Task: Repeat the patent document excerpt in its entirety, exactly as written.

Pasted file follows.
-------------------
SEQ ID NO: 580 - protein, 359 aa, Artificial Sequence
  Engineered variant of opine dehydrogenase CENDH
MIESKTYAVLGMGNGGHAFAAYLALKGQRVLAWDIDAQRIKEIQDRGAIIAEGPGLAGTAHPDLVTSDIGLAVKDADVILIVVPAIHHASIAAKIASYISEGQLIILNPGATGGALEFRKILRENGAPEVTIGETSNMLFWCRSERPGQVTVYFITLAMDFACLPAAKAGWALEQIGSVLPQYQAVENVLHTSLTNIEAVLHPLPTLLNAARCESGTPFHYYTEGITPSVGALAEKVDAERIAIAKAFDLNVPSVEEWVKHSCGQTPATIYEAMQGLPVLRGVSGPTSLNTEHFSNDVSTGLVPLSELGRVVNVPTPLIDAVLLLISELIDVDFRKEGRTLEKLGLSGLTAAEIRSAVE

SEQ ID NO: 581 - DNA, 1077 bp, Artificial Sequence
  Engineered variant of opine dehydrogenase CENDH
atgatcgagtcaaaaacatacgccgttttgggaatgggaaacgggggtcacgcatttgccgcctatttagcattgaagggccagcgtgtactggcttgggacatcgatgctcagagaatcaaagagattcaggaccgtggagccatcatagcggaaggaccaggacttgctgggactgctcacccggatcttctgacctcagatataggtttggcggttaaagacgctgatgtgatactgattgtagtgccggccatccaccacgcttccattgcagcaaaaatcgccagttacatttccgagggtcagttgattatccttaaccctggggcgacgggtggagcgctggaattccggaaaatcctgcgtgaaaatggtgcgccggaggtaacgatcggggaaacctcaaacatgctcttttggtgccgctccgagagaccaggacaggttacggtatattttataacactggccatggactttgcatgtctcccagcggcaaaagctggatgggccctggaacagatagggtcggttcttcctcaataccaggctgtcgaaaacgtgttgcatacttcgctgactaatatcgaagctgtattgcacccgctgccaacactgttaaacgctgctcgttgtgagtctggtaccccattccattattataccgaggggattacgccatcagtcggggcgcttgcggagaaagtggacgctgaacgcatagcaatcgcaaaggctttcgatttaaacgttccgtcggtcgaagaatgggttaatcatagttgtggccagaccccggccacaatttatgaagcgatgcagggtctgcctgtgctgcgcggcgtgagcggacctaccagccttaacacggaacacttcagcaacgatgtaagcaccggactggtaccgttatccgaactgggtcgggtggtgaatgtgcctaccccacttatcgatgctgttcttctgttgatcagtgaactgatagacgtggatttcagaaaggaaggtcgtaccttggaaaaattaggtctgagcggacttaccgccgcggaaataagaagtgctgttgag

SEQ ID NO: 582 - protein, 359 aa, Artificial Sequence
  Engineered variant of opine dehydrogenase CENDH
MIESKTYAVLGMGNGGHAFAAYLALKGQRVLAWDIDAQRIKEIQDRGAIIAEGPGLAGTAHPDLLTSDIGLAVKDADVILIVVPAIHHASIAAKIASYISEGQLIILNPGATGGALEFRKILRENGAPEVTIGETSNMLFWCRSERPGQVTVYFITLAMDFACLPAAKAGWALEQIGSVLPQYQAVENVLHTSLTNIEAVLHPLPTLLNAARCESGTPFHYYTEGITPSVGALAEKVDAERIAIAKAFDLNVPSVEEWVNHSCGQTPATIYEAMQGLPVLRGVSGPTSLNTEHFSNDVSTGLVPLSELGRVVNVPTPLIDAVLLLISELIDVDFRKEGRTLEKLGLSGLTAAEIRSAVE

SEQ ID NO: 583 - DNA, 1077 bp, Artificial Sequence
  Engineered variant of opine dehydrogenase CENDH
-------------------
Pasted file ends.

SEQ ID NO: 580 - protein, 359 aa, Artificial Sequence
  Engineered variant of opine dehydrogenase CENDH
MIESKTYAVLGMGNGGHAFAAYLALKGQRVLAWDIDAQRIKEIQDRGAIIAEGPGLAGTAHPDLVTSDIGLAVKDADVILIVVPAIHHASIAAKIASYISEGQLIILNPGATGGALEFRKILRENGAPEVTIGETSNMLFWCRSERPGQVTVYFITLAMDFACLPAAKAGWALEQIGSVLPQYQAVENVLHTSLTNIEAVLHPLPTLLNAARCESGTPFHYYTEGITPSVGALAEKVDAERIAIAKAFDLNVPSVEEWVKHSCGQTPATIYEAMQGLPVLRGVSGPTSLNTEHFSNDVSTGLVPLSELGRVVNVPTPLIDAVLLLISELIDVDFRKEGRTLEKLGLSGLTAAEIRSAVE

SEQ ID NO: 581 - DNA, 1077 bp, Artificial Sequence
  Engineered variant of opine dehydrogenase CENDH
atgatcgagtcaaaaacatacgccgttttgggaatgggaaacgggggtcacgcatttgccgcctatttagcattgaagggccagcgtgtactggcttgggacatcgatgctcagagaatcaaagagattcaggaccgtggagccatcatagcggaaggaccaggacttgctgggactgctcacccggatcttctgacctcagatataggtttggcggttaaagacgctgatgtgatactgattgtagtgccggccatccaccacgcttccattgcagcaaaaatcgccagttacatttccgagggtcagttgattatccttaaccctggggcgacgggtggagcgctggaattccggaaaatcctgcgtgaaaatggtgcgccggaggtaacgatcggggaaacctcaaacatgctcttttggtgccgctccgagagaccaggacaggttacggtatattttataacactggccatggactttgcatgtctcccagcggcaaaagctggatgggccctggaacagatagggtcggttcttcctcaataccaggctgtcgaaaacgtgttgcatacttcgctgactaatatcgaagctgtattgcacccgctgccaacactgttaaacgctgctcgttgtgagtctggtaccccattccattattataccgaggggattacgccatcagtcggggcgcttgcggagaaagtggacgctgaacgcatagcaatcgcaaaggctttcgatttaaacgttccgtcggtcgaagaatgggttaatcatagttgtggccagaccccggccacaatttatgaagcgatgcagggtctgcctgtgctgcgcggcgtgagcggacctaccagccttaacacggaacacttcagcaacgatgtaagcaccggactggtaccgttatccgaactgggtcgggtggtgaatgtgcctaccccacttatcgatgctgttcttctgttgatcagtgaactgatagacgtggatttcagaaaggaaggtcgtaccttggaaaaattaggtctgagcggacttaccgccgcggaaataagaagtgctgttgag

SEQ ID NO: 582 - protein, 359 aa, Artificial Sequence
  Engineered variant of opine dehydrogenase CENDH
MIESKTYAVLGMGNGGHAFAAYLALKGQRVLAWDIDAQRIKEIQDRGAIIAEGPGLAGTAHPDLLTSDIGLAVKDADVILIVVPAIHHASIAAKIASYISEGQLIILNPGATGGALEFRKILRENGAPEVTIGETSNMLFWCRSERPGQVTVYFITLAMDFACLPAAKAGWALEQIGSVLPQYQAVENVLHTSLTNIEAVLHPLPTLLNAARCESGTPFHYYTEGITPSVGALAEKVDAERIAIAKAFDLNVPSVEEWVNHSCGQTPATIYEAMQGLPVLRGVSGPTSLNTEHFSNDVSTGLVPLSELGRVVNVPTPLIDAVLLLISELIDVDFRKEGRTLEKLGLSGLTAAEIRSAVE

SEQ ID NO: 583 - DNA, 1077 bp, Artificial Sequence
  Engineered variant of opine dehydrogenase CENDH